Cody Goes to College  

Posted by Brock Booher

It isn’t everyday you send a son away to college, especially to a far-away place like Hawaii, but then again Cody wasn’t born on just any day.

Sometime around 2:00 am two days before Cody was born, a young gate guard from Pine Bluff, Arkansas, pulled out his sidearm and shot himself in the head while on duty. At the time we were living in a two-bedroom apartment in Wichita Falls, and I was assigned to the Services Squadron while I waited for a cockpit to open up for me (post Gulf War drawdown). One of my many duties at the time was Mortuary Officer. My phone rang around 3:00 am.

With the death of the young airman, my life went into overdrive. If you think the military controls your life while your alive, you should see how much they control things when someone dies. Long detailed checklists are initiated by several agencies when someone dies on duty, especially if it is a suicide.

When the body had been properly prepared for burial, I had to go through a checklist with the mortician and the funeral home. It was sad to see a life with so much promise terminated early by its own hand. It is even more tragic when you learn that he took his life over a couple hundred dollars in bad checks. It amazed me that someone valued their own life so little, or saw no way out of such a shallow hole, but then again we humans can be quite frail at times, even after exhibiting great strength and tenacity in other situations. I completed the obligatory checklists and went home troubled.

That night around 3:00 am, I made a call of my own. My wife Britt had gone into labor, and I called a family to help watch our oldest son Rian while we headed for the hospital at Sheppard Air Force Base. After several hours of difficult labor, Cody was born. Within twenty-four hours I had been a witness to both death and birth. I had seen the hope and promise of tomorrow snuffed out prematurely, and I had seen new life come charging forth in its mortal glory, all in the same day.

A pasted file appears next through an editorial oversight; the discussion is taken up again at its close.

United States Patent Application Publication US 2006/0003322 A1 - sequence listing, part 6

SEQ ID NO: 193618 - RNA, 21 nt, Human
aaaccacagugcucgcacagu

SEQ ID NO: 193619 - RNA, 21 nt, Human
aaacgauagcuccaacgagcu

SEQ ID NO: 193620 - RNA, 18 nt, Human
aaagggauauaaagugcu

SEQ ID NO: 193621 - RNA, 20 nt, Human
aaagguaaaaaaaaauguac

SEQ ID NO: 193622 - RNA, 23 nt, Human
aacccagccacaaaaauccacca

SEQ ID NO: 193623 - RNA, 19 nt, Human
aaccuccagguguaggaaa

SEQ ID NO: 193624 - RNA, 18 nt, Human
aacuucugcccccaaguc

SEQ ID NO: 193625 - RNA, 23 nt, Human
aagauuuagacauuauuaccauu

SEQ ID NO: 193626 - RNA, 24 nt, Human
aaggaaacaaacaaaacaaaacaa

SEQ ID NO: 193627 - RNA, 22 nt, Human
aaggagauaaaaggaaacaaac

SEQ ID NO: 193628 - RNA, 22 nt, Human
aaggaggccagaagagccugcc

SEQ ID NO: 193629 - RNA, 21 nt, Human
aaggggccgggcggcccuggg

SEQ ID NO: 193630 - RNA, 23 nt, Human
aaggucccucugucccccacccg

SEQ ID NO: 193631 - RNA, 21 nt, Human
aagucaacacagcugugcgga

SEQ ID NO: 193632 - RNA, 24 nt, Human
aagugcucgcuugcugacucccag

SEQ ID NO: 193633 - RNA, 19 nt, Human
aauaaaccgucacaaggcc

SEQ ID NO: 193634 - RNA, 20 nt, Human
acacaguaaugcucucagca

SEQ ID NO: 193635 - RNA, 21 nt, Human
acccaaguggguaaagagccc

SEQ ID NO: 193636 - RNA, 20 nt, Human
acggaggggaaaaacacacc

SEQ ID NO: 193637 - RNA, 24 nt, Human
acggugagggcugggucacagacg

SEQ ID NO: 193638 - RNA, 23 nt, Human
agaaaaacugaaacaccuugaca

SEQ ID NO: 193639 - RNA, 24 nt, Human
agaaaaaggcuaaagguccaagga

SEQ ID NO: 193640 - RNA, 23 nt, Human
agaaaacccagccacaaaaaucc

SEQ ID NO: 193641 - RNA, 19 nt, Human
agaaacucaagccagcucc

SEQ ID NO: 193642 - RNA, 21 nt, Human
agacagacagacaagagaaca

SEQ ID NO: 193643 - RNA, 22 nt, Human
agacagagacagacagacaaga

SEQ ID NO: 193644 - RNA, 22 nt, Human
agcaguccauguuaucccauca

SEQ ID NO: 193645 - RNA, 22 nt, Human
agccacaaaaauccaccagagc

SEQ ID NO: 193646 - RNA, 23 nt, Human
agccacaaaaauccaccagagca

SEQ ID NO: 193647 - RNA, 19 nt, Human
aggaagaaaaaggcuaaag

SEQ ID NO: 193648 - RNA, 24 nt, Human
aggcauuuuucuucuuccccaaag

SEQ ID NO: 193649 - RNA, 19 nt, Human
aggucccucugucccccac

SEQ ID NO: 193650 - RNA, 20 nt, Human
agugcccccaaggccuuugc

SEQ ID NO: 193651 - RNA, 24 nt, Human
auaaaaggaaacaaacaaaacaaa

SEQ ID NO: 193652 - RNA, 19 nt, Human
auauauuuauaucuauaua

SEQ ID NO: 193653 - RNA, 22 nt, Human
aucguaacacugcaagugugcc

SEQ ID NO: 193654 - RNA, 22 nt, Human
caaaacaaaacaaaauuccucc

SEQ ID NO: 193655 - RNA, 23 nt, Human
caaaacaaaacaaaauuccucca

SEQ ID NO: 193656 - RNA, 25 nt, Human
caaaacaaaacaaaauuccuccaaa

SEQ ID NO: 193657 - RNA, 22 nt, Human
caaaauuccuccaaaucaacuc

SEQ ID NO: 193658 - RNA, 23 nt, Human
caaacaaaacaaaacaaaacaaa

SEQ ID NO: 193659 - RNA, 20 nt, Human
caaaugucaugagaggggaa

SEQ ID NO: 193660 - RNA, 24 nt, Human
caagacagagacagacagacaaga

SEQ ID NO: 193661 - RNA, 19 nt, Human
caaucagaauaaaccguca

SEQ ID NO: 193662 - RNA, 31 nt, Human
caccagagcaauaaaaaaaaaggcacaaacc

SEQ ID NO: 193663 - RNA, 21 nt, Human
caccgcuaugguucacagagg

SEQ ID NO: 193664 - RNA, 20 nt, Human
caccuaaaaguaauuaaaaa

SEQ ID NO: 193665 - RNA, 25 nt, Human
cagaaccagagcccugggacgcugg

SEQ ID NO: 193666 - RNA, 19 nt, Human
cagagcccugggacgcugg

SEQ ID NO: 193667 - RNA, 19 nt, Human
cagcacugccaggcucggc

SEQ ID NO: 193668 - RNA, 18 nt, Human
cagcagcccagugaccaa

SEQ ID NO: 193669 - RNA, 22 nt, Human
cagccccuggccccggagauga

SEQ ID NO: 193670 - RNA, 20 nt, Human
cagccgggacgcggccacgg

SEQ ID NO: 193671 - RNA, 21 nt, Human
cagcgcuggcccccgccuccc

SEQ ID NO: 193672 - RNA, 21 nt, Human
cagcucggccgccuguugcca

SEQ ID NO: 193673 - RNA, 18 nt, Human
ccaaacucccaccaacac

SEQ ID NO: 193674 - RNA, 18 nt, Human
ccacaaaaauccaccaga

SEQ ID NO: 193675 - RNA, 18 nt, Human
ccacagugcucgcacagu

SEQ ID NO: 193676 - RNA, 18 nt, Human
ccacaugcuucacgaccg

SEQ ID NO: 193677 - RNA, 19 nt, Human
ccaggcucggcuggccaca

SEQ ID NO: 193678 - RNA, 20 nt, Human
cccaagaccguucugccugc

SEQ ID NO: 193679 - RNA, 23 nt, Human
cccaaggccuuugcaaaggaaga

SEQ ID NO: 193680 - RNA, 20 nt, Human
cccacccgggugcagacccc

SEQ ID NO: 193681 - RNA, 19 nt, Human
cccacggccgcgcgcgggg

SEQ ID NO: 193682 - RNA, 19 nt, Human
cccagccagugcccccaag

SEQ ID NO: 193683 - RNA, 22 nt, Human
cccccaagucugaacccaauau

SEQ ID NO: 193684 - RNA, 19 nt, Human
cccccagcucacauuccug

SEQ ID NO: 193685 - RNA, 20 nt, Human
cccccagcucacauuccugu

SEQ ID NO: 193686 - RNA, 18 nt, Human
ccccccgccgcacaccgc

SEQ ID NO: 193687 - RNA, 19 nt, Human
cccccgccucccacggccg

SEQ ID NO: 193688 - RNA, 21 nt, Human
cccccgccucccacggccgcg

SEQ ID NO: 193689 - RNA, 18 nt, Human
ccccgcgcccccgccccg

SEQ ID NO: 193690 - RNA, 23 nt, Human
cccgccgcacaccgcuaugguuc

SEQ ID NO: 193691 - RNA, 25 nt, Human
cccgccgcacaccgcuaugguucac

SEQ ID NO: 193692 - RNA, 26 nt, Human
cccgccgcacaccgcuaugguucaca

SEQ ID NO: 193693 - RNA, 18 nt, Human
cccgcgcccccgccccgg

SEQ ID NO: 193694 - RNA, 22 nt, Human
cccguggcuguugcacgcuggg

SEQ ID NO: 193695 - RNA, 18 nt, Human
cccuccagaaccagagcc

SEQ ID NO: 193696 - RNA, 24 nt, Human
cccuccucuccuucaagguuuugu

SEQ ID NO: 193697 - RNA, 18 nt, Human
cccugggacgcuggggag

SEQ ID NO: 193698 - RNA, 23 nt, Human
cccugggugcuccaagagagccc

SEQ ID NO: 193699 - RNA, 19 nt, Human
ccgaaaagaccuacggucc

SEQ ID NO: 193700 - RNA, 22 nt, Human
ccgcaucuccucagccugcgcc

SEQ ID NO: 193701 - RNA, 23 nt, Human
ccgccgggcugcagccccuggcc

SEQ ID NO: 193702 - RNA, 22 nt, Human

Now Cody is grown. He is a mature man ready to cross the threshold and venture into the world full of that same hope and promise. I don’t know what his future holds, but I hope he never stops believing in himself. I hope he will always value his life. I pray he will never find himself despairing in some shallow hole he might have dug for himself, wondering if he can go on. May he never forget that life, with all its happy moments and tragedies, is meant to be lived.

It isn’t an ordinary day when you send a son to college, but then again Cody isn’t an ordinary son. God speed, and as they say in Hawaii – Aloha nui loa, a hui hou kakou.

This entry was posted on Friday, September 10, 2010 at Friday, September 10, 2010 . You can follow any responses to this entry through the comments feed .


Cody has a great man for a Dad!

September 10, 2010 at 9:45 PM

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